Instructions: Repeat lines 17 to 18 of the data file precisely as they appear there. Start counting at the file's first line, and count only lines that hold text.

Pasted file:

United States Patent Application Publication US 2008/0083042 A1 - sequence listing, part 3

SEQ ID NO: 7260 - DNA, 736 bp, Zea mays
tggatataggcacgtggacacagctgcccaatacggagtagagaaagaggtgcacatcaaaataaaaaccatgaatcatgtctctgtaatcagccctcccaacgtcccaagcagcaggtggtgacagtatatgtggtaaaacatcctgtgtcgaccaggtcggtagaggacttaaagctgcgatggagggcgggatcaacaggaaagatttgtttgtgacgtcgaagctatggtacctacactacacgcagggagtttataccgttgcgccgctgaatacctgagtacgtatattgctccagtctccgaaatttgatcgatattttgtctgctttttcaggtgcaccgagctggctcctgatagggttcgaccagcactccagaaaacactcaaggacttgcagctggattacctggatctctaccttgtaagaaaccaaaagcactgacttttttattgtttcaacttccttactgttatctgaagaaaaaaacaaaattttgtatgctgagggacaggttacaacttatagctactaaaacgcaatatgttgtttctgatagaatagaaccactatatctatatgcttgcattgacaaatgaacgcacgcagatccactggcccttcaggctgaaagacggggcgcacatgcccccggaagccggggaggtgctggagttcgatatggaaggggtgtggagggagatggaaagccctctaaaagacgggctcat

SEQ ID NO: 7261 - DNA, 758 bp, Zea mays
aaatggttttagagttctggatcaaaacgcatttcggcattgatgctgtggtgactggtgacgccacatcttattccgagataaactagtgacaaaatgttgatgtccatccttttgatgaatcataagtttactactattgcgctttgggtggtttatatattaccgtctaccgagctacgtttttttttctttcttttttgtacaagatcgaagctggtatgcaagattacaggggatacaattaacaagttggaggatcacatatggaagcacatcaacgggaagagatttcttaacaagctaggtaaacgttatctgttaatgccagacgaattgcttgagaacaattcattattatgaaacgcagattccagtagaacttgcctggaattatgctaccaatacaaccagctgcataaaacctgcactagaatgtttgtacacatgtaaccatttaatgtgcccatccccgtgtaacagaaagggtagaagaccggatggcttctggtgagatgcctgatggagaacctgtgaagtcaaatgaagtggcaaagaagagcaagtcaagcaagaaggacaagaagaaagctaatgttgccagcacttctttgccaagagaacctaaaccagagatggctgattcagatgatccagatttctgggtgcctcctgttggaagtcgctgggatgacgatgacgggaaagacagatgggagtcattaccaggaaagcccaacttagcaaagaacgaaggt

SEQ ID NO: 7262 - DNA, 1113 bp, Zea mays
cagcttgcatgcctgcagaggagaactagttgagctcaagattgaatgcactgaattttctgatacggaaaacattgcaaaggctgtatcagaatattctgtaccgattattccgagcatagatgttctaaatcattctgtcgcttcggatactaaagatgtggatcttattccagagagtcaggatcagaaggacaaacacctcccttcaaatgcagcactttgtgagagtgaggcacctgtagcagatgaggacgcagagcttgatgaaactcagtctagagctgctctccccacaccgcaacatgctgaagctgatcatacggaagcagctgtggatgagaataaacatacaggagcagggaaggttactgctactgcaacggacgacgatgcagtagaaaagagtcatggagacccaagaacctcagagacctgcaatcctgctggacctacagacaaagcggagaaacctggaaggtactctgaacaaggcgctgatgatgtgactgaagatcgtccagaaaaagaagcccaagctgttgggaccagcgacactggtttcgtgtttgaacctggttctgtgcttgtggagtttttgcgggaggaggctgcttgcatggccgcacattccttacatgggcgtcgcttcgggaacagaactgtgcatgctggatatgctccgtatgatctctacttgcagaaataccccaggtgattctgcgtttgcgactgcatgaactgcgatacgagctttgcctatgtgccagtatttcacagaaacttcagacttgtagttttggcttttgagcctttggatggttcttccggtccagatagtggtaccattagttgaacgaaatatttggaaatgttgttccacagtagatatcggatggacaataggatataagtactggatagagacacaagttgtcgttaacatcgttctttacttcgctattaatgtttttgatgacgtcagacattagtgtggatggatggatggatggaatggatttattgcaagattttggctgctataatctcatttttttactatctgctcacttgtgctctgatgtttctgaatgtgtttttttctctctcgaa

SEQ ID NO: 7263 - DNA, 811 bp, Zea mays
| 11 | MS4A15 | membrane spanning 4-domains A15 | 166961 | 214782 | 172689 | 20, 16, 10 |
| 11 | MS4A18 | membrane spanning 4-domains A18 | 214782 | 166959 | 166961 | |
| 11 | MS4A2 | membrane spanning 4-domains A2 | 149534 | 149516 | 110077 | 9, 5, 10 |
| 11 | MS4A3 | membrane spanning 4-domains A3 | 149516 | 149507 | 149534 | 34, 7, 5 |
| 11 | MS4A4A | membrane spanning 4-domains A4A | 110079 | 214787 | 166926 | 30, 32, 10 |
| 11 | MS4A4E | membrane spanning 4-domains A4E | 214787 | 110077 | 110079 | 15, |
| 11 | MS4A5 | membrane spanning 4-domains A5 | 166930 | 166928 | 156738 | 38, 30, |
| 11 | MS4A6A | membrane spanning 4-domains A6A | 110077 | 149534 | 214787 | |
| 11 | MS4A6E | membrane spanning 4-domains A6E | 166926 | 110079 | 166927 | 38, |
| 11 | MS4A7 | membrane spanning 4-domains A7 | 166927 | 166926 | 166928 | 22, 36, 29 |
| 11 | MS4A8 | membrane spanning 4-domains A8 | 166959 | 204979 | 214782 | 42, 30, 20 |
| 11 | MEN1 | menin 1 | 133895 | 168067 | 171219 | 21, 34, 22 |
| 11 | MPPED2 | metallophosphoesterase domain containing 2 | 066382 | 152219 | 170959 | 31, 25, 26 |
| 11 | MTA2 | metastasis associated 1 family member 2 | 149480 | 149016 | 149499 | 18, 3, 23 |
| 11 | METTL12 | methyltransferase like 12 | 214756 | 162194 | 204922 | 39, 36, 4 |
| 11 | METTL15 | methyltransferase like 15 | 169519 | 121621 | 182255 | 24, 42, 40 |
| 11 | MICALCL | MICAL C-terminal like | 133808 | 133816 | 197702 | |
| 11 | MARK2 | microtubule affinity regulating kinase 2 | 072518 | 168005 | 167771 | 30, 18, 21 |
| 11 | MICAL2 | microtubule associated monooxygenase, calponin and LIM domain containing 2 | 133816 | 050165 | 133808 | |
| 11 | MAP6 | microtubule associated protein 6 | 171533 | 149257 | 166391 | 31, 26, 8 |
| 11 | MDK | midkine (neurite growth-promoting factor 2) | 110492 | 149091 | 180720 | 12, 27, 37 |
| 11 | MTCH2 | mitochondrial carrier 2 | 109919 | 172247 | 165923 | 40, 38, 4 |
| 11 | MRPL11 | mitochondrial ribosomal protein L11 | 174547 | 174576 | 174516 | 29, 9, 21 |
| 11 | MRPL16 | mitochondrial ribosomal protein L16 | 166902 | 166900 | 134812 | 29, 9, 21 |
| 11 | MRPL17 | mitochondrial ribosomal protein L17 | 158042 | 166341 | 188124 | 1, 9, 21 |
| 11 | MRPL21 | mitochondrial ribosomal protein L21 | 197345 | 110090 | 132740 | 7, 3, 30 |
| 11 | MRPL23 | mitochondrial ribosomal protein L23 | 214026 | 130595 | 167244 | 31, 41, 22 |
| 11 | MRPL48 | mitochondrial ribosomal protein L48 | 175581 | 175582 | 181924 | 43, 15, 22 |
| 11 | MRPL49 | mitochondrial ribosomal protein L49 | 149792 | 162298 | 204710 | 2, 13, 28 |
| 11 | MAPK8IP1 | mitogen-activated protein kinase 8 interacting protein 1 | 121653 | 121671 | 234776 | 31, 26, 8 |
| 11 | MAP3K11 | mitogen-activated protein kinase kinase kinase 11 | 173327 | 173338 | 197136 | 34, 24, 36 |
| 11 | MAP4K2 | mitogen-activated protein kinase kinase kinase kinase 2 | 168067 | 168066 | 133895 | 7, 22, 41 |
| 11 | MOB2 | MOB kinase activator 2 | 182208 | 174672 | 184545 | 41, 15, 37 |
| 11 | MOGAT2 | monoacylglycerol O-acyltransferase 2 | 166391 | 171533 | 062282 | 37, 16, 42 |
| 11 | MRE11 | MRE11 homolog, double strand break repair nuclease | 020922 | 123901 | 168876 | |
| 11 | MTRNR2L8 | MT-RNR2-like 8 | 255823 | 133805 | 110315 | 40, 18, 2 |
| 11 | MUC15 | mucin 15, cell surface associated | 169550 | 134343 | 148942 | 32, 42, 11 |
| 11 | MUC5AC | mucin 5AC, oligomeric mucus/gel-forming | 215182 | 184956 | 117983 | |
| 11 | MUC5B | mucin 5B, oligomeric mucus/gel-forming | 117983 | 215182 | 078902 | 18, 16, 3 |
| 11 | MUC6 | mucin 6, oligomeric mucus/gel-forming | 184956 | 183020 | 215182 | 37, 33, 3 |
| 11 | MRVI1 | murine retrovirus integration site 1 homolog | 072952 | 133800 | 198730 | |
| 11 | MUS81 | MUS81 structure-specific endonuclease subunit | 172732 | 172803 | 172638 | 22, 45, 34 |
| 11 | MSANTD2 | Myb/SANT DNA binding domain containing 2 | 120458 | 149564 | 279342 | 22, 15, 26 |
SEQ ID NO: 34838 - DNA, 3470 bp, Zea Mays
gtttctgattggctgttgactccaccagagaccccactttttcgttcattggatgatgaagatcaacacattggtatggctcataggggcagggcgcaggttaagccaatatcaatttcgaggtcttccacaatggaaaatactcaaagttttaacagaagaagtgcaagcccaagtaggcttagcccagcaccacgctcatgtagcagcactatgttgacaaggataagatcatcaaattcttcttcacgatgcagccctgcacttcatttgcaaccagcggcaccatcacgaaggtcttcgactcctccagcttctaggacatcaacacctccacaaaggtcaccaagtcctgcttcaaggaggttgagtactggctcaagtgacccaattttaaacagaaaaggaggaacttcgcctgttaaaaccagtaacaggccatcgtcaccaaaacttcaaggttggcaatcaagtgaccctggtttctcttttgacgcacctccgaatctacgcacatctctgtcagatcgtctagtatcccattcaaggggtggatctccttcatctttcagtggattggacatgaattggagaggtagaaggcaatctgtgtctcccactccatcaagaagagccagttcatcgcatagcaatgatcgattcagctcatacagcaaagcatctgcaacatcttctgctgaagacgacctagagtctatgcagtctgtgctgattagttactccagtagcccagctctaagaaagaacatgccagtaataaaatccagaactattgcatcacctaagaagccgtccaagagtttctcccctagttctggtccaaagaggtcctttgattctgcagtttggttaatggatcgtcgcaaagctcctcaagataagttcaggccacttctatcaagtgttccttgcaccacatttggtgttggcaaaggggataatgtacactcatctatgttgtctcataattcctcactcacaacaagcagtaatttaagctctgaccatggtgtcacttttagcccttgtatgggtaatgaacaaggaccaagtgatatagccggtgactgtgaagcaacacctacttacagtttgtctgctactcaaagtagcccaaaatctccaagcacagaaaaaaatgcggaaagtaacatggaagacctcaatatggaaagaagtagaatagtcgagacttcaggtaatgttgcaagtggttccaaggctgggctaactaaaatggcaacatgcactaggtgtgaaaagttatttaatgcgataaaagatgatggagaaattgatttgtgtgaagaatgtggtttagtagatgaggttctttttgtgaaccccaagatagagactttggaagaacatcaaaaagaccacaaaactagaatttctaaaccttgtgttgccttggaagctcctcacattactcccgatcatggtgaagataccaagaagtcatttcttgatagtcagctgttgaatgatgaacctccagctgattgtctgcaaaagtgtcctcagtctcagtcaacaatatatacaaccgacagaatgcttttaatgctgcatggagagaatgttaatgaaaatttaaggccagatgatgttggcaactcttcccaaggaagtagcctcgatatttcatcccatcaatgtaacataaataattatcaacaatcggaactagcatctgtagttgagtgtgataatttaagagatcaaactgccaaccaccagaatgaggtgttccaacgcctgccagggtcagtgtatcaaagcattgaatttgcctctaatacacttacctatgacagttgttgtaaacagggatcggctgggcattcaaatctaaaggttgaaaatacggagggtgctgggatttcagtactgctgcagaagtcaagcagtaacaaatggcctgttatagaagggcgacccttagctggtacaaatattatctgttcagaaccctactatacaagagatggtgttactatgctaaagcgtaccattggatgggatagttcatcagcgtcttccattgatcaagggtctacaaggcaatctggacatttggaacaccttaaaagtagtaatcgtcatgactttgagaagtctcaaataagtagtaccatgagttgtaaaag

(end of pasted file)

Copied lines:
| 11 | MS4A6E | membrane spanning 4-domains A6E | 166926 | 110079 | 166927 | 38, |
| 11 | MS4A7 | membrane spanning 4-domains A7 | 166927 | 166926 | 166928 | 22, 36, 29 |